The draft in blue retains language from the initial draft encouraging UNAMID and the UNCT, together with relevant stakeholders, to support efforts to advance progress on the proposed benchmarks and indicators and to ensure that sufficient human and financial resourcing is devoted to sustainable transition planning and activities. It also notes that the benchmarks and indicators contain a number of actions to be undertaken by the government of Sudan, and calls on the government to engage constructively with UNAMID, the UNCT, the International Implementation Follow-up Committee of the Doha Document for Peace in Darfur (DDPD) and relevant national stakeholders towards significant improvement in the situation in Darfur and progress towards the proposed benchmarks and indicators.

Lastly, the draft in blue acknowledges that adequate resources are needed to ensure that benchmarks and indicators are met, as well as for the transition from peacekeeping to peacebuilding, development and sustaining peace in Darfur. In this regard, the draft takes note of the potential role of the Peacebuilding Fund and encourages member states and donors to participate in the pledging conference proposed during the High-Level Event on the Transition from Peacekeeping to Peacebuilding and Development in Darfur on 28 September as well as the ongoing Darfur Development Strategy. The issue of financing was also referred to in the Secretary-General’s 90-day report, which said that the “mission and its partners have the challenge of overcoming the chronic funding and personnel shortfall that the UNCT has increasingly faced as Darfur has moved out of the global spotlight.”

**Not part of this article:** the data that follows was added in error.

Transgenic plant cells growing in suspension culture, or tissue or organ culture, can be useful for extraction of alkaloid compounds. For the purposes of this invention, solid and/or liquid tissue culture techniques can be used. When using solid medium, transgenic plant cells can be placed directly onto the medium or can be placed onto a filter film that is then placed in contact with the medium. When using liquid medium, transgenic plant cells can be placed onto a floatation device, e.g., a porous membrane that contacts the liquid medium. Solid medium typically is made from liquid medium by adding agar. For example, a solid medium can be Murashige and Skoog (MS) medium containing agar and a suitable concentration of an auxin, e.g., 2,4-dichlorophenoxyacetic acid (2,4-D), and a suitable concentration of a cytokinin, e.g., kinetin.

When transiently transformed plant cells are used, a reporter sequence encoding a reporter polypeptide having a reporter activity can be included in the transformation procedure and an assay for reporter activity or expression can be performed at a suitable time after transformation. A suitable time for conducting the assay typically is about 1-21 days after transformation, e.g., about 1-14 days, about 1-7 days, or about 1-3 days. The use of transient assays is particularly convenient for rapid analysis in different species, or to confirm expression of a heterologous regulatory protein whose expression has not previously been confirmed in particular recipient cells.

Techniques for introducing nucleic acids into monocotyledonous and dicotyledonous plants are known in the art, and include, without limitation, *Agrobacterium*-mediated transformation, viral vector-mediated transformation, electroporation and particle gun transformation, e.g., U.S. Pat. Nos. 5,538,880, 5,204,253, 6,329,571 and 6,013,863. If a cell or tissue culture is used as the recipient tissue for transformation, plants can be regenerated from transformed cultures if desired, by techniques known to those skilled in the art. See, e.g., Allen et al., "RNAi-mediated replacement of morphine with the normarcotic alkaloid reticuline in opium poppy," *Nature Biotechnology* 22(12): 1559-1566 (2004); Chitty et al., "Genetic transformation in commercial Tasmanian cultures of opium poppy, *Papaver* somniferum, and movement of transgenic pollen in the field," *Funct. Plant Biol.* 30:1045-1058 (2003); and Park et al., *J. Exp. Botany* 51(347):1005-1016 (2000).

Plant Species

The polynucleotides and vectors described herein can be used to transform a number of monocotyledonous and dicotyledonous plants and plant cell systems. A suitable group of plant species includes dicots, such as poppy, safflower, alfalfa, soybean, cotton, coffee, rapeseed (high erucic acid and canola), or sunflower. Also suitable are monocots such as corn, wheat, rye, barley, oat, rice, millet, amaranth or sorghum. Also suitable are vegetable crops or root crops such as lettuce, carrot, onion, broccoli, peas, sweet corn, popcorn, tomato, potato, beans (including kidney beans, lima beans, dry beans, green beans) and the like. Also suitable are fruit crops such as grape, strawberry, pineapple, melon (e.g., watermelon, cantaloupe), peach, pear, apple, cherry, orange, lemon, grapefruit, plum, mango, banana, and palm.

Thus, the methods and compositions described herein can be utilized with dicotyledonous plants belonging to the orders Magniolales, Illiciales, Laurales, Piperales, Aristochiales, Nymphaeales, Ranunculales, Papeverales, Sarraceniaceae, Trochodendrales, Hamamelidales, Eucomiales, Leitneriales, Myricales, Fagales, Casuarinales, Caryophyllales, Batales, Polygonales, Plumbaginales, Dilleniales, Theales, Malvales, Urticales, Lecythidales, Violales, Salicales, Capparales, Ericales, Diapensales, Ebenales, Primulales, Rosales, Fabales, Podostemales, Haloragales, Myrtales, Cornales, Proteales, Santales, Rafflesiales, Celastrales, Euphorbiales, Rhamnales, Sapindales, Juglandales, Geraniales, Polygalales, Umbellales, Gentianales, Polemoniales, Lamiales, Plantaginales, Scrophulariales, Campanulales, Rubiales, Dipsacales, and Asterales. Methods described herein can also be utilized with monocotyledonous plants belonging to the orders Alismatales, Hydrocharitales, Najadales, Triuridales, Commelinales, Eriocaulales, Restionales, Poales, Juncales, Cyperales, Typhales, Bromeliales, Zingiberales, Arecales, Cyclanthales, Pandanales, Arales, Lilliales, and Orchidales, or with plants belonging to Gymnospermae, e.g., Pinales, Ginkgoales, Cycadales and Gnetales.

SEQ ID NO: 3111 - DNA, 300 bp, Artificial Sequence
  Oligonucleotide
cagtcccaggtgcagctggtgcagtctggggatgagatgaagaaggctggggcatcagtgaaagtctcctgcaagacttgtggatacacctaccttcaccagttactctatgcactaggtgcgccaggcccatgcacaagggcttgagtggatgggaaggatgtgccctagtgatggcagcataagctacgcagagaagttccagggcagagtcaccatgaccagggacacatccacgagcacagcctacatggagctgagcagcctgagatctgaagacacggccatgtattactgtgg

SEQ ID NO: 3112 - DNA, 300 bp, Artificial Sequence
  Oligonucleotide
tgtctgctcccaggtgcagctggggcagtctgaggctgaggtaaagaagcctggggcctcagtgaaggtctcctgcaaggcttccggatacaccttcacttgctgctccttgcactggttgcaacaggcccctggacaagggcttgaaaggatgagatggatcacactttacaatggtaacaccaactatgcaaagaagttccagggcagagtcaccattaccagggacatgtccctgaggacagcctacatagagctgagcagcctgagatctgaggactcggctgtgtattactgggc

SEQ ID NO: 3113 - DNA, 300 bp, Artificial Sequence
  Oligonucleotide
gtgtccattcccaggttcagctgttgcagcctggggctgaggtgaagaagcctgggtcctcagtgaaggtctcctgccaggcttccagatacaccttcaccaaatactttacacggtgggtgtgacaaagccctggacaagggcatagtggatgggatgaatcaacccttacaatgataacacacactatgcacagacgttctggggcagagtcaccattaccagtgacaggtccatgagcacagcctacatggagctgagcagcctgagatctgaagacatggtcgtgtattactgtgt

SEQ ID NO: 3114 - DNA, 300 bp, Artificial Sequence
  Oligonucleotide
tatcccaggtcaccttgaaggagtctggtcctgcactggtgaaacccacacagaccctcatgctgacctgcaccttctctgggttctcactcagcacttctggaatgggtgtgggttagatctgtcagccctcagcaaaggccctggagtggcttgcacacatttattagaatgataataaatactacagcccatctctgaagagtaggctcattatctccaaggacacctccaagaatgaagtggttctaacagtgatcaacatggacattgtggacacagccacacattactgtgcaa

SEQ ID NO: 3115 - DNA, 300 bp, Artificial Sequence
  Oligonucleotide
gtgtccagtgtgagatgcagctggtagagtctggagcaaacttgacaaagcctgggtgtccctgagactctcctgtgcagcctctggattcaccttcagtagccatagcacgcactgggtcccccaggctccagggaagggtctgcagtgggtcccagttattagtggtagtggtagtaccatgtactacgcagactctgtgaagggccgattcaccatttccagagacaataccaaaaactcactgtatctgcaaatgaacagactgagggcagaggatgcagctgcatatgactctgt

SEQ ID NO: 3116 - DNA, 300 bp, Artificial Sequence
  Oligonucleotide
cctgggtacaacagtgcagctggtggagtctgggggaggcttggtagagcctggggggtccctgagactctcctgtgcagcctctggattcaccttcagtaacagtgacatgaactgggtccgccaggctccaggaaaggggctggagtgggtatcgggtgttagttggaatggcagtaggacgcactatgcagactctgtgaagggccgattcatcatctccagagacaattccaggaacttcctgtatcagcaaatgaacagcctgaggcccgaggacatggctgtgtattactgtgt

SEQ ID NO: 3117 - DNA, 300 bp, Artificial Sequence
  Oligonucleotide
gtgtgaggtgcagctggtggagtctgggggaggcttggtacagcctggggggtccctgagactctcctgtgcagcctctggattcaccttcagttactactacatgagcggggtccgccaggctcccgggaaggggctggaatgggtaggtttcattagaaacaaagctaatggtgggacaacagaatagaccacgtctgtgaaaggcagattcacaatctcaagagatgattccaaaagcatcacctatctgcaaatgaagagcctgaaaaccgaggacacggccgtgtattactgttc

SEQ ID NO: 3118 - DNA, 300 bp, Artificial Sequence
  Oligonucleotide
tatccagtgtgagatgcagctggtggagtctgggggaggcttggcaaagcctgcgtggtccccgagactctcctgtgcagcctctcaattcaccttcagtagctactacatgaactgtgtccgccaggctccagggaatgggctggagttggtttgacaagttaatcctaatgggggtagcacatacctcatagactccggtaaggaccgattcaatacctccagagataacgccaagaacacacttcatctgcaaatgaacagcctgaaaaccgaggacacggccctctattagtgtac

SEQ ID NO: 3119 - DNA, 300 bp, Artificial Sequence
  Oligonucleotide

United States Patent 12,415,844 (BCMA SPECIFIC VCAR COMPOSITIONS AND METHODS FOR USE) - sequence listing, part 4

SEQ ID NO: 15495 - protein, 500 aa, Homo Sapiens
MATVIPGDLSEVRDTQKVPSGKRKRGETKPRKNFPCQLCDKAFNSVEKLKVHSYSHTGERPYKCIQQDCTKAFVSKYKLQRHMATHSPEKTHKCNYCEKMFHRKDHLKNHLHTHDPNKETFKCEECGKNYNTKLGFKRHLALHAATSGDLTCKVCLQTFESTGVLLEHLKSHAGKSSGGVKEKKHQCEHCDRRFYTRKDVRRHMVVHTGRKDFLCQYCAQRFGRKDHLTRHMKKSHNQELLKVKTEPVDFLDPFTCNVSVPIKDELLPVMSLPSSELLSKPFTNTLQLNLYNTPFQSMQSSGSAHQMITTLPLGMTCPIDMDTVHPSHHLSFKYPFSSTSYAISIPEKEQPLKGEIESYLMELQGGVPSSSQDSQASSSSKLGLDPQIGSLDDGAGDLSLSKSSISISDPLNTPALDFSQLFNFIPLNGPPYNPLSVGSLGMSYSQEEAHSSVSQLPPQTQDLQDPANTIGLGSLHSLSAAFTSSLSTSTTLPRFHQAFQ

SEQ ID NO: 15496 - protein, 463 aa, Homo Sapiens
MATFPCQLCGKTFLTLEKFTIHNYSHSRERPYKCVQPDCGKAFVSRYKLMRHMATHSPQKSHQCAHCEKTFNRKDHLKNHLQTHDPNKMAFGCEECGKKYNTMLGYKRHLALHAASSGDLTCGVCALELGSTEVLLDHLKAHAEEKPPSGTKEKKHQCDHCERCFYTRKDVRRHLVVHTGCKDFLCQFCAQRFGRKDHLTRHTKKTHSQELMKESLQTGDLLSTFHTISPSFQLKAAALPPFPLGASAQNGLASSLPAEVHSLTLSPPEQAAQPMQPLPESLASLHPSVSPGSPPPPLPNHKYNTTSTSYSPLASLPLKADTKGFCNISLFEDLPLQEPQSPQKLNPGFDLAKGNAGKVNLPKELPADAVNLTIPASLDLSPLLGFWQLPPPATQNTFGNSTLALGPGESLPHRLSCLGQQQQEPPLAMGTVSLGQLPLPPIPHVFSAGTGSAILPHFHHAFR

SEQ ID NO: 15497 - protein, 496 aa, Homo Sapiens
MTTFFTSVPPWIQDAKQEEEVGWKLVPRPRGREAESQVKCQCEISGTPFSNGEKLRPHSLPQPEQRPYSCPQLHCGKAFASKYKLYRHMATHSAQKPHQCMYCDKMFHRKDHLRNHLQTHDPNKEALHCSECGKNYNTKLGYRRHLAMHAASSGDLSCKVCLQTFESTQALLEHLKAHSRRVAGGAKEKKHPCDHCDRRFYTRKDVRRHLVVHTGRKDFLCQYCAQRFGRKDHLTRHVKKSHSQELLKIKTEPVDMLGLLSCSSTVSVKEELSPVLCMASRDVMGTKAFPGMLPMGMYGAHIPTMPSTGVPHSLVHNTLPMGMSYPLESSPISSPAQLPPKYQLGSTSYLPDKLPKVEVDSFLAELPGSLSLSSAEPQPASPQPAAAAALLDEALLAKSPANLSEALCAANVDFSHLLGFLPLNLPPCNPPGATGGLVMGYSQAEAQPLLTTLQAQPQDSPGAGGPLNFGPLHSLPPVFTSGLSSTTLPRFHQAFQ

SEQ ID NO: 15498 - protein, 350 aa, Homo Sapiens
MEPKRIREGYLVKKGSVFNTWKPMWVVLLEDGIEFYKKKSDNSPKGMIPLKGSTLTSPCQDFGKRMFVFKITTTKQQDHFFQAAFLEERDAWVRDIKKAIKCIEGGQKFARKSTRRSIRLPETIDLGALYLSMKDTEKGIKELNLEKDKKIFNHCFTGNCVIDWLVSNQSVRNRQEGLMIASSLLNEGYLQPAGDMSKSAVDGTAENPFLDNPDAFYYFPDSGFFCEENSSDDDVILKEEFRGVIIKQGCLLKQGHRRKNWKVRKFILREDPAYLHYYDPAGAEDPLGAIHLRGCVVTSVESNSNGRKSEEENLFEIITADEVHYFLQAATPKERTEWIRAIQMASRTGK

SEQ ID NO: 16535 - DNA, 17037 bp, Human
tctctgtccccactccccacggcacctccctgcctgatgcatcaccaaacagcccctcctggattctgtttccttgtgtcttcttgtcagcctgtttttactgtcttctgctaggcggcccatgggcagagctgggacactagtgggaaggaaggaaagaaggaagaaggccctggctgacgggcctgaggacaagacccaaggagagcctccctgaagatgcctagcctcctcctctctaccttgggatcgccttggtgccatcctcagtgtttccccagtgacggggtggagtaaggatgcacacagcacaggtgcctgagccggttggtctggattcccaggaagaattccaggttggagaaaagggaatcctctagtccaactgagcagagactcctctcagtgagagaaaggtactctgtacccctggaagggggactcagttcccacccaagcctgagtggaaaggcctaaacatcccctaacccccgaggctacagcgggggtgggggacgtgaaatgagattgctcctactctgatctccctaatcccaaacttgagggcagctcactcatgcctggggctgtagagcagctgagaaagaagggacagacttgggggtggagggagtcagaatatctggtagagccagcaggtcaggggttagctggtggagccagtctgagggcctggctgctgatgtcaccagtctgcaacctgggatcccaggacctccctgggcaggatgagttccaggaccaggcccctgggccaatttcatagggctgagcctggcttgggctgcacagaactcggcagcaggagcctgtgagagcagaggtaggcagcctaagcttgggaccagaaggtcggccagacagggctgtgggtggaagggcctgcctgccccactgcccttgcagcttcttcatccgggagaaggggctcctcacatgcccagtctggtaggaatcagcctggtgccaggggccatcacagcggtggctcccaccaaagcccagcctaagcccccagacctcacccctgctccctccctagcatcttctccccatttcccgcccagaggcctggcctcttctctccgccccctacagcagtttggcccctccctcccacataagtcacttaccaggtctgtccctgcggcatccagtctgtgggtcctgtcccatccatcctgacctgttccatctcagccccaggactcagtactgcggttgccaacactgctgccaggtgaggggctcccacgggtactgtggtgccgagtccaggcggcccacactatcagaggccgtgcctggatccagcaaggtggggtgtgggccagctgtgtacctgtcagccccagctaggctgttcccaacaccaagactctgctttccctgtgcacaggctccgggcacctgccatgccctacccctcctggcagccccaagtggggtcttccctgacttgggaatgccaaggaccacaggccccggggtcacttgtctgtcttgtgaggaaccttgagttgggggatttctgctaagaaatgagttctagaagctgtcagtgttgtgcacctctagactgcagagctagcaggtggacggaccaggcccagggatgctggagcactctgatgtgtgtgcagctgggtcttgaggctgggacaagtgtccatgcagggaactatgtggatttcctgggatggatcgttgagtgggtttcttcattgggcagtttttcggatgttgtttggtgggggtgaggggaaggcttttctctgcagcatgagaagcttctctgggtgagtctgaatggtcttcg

Looking ahead, on 14 December the Council expects to receive the semi-annual briefing of the ICC Prosecutor related to the court’s work on Darfur and on 17 December, the quarterly briefing by Ambassador Joanna Wronecka (Poland), chair of the 1591 Sudan Sanctions Committee, on the committee’s work.

Sign up for What's In Blue emails